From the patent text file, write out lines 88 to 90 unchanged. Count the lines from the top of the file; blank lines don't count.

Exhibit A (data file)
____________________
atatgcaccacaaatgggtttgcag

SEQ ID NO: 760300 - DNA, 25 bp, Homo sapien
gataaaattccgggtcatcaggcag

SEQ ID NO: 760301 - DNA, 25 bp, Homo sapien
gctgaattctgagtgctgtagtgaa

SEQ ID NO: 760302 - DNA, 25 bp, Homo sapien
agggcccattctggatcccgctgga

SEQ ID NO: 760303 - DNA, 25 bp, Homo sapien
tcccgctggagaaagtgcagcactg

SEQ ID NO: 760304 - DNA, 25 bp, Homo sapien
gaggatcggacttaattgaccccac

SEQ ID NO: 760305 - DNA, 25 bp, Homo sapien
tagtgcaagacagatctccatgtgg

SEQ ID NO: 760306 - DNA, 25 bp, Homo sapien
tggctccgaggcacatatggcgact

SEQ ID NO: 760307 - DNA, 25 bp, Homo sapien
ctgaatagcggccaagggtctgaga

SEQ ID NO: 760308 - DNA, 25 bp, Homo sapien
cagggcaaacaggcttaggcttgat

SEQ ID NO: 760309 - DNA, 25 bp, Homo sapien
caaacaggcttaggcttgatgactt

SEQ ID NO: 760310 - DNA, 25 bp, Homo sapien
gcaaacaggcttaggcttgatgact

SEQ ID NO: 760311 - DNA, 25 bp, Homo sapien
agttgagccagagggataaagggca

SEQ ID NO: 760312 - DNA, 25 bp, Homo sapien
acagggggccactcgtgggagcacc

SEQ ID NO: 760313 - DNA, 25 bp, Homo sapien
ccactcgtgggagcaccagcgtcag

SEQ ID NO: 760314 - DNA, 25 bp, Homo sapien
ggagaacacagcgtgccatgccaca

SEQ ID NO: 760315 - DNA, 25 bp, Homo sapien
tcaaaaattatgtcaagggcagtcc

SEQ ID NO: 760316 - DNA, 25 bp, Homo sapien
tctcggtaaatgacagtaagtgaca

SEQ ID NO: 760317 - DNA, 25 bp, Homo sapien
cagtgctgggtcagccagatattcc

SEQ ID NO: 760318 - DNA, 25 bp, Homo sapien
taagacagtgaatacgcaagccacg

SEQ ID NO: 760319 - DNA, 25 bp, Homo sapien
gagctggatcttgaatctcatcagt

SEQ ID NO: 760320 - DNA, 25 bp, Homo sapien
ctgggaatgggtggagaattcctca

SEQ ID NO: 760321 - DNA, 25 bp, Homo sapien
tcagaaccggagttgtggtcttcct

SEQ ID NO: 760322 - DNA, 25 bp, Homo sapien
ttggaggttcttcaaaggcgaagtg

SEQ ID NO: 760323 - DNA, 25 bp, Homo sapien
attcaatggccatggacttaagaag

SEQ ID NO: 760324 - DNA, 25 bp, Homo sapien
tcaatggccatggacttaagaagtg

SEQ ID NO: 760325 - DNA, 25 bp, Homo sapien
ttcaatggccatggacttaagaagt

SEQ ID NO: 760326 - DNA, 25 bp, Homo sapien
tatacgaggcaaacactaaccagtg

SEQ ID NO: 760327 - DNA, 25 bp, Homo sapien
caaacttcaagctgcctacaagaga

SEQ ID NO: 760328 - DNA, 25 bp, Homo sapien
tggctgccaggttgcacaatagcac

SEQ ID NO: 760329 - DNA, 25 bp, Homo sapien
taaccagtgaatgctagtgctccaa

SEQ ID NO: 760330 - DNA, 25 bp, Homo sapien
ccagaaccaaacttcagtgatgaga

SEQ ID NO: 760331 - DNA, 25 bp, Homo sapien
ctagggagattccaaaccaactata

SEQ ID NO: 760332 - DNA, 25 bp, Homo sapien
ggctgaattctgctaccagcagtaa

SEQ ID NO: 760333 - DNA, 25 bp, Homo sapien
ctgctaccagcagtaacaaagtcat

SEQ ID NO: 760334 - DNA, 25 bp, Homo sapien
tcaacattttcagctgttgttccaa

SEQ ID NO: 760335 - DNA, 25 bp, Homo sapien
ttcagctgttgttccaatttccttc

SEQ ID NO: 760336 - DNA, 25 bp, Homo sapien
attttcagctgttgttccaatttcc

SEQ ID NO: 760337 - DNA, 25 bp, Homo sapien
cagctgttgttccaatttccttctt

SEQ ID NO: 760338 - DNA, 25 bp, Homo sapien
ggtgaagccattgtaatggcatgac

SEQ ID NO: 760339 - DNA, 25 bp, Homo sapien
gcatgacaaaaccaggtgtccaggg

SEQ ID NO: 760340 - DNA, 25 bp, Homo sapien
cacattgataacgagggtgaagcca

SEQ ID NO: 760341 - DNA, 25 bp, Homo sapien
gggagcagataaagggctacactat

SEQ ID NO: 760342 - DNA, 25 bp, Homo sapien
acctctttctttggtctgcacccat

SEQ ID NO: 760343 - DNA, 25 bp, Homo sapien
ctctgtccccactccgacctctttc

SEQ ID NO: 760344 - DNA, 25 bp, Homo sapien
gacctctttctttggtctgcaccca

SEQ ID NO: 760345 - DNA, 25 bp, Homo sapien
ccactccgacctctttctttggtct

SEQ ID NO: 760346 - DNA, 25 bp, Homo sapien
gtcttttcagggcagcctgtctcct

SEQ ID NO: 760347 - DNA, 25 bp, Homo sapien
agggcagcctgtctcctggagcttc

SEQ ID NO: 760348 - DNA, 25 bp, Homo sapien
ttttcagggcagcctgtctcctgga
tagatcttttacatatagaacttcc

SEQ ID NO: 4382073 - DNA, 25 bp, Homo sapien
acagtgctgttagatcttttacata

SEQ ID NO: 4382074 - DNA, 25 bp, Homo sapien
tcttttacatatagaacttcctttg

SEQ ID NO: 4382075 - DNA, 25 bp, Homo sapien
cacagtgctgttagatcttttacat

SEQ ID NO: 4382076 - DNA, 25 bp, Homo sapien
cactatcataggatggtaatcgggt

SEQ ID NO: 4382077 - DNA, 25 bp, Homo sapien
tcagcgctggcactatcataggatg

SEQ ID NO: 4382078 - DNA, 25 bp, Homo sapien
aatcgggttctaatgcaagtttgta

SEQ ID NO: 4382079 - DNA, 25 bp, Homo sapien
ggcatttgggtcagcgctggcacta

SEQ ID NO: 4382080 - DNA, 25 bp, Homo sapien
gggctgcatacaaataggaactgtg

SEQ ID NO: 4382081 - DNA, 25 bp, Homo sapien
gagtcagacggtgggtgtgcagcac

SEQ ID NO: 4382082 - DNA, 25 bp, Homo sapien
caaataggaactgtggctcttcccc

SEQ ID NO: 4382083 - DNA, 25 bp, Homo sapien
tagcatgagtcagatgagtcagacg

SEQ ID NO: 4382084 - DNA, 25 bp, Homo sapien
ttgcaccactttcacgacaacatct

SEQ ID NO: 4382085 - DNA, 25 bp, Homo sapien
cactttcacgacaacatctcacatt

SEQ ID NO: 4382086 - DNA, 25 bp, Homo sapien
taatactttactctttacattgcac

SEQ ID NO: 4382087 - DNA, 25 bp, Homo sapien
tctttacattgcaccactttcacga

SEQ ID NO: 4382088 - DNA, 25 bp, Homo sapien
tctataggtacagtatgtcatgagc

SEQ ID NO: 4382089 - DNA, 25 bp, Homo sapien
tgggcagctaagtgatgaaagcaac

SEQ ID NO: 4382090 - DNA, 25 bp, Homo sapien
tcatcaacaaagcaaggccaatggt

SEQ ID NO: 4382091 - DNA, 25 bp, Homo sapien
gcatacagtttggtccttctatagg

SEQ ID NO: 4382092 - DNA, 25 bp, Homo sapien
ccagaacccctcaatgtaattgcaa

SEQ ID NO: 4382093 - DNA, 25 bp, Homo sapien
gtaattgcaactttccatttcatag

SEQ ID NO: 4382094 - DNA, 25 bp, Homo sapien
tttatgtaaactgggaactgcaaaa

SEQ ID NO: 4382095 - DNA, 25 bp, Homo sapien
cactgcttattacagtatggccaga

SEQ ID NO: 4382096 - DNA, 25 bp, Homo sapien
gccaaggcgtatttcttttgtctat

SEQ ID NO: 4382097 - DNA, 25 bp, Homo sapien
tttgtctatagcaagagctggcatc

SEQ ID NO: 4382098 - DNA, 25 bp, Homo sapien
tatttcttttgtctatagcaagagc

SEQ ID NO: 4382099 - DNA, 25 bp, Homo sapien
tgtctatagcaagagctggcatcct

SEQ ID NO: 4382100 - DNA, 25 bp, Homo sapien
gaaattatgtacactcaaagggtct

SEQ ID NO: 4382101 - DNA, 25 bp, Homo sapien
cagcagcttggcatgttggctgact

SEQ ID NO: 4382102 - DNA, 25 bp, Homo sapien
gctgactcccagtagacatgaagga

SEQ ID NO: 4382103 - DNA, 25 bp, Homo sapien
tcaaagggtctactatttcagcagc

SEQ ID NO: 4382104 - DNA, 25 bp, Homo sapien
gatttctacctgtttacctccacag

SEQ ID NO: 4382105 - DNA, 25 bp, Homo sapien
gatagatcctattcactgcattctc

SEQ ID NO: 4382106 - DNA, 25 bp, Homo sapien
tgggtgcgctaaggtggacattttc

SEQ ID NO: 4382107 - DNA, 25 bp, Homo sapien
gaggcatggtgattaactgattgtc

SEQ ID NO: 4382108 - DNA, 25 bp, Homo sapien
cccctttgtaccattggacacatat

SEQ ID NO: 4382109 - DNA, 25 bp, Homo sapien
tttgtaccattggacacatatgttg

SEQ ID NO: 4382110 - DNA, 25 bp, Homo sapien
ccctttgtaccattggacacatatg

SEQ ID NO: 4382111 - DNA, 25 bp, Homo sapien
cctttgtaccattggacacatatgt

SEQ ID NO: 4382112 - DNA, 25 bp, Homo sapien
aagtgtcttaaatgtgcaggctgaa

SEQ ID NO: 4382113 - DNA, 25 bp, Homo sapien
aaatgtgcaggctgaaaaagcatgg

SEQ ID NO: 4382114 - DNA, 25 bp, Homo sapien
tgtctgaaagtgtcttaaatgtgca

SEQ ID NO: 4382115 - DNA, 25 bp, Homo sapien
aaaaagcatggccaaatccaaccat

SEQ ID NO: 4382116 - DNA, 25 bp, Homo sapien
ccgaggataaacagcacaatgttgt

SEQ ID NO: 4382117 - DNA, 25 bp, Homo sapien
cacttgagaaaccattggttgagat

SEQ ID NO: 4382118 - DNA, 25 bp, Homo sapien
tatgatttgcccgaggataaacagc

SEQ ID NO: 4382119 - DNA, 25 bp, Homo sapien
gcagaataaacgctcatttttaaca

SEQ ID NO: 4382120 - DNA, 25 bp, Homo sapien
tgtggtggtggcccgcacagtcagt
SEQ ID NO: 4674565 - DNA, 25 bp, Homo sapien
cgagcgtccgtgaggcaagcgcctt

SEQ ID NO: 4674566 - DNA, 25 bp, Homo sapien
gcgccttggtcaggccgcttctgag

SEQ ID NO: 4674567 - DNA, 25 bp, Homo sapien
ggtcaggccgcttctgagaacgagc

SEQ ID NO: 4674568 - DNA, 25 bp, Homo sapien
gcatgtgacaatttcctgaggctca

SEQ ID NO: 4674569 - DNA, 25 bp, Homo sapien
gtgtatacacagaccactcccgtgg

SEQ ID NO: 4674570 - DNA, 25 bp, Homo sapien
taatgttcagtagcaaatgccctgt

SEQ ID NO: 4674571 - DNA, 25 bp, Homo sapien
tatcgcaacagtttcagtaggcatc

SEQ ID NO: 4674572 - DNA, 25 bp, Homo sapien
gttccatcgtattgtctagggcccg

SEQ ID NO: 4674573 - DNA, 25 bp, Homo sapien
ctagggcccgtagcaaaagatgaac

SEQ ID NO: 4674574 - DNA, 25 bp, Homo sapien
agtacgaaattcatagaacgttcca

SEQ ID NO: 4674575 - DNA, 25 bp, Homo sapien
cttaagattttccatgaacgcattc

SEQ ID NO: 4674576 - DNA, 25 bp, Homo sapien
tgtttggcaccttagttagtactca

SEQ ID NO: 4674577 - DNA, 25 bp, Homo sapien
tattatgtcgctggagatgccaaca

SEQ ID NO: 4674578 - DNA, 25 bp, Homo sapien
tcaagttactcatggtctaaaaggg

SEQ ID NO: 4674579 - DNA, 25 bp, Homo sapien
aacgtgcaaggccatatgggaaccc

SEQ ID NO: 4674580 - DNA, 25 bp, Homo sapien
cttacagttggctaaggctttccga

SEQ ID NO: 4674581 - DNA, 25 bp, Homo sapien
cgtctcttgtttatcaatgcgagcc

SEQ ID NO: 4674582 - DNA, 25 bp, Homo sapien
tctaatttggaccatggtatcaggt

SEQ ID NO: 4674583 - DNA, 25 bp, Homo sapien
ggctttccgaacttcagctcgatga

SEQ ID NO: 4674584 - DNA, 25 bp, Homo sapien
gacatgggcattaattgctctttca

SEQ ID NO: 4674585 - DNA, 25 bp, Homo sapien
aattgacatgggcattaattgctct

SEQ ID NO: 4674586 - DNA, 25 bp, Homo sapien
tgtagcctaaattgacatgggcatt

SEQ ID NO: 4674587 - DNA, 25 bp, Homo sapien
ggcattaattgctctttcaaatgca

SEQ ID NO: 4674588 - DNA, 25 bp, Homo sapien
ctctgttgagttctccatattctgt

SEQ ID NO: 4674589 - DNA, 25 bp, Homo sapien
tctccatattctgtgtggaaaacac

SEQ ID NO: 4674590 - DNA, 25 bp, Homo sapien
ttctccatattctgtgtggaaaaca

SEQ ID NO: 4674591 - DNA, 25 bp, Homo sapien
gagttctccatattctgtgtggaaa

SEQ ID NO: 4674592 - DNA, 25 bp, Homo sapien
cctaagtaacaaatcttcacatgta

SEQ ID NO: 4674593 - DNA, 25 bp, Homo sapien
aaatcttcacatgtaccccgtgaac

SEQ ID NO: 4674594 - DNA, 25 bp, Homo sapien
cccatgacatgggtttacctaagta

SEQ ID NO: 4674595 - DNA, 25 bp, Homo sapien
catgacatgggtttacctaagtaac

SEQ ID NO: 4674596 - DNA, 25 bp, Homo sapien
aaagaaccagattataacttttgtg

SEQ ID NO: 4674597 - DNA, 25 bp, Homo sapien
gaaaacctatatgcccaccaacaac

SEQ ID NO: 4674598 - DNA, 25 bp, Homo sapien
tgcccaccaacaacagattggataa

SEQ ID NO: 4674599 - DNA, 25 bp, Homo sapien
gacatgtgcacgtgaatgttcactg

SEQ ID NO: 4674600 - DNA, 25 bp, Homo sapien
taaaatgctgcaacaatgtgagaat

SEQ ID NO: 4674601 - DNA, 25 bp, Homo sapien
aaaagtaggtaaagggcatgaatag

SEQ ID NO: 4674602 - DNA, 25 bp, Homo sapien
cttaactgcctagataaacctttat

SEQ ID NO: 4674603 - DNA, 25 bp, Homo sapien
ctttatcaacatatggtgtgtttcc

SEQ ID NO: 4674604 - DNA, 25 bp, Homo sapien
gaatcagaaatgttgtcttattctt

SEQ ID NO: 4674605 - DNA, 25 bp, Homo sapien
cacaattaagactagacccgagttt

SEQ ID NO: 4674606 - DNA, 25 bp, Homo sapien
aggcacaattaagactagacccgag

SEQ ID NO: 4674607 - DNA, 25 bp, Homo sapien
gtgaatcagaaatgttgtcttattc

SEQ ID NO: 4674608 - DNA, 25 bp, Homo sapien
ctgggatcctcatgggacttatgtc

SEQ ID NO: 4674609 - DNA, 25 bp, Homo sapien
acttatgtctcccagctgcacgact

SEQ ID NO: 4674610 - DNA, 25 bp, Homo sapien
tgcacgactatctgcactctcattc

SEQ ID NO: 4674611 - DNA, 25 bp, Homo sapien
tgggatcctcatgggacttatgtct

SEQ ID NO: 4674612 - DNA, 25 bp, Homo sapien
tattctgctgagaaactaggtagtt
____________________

SEQ ID NO: 760343 - DNA, 25 bp, Homo sapien
ctctgtccccactccgacctctttc

SEQ ID NO: 760344 - DNA, 25 bp, Homo sapien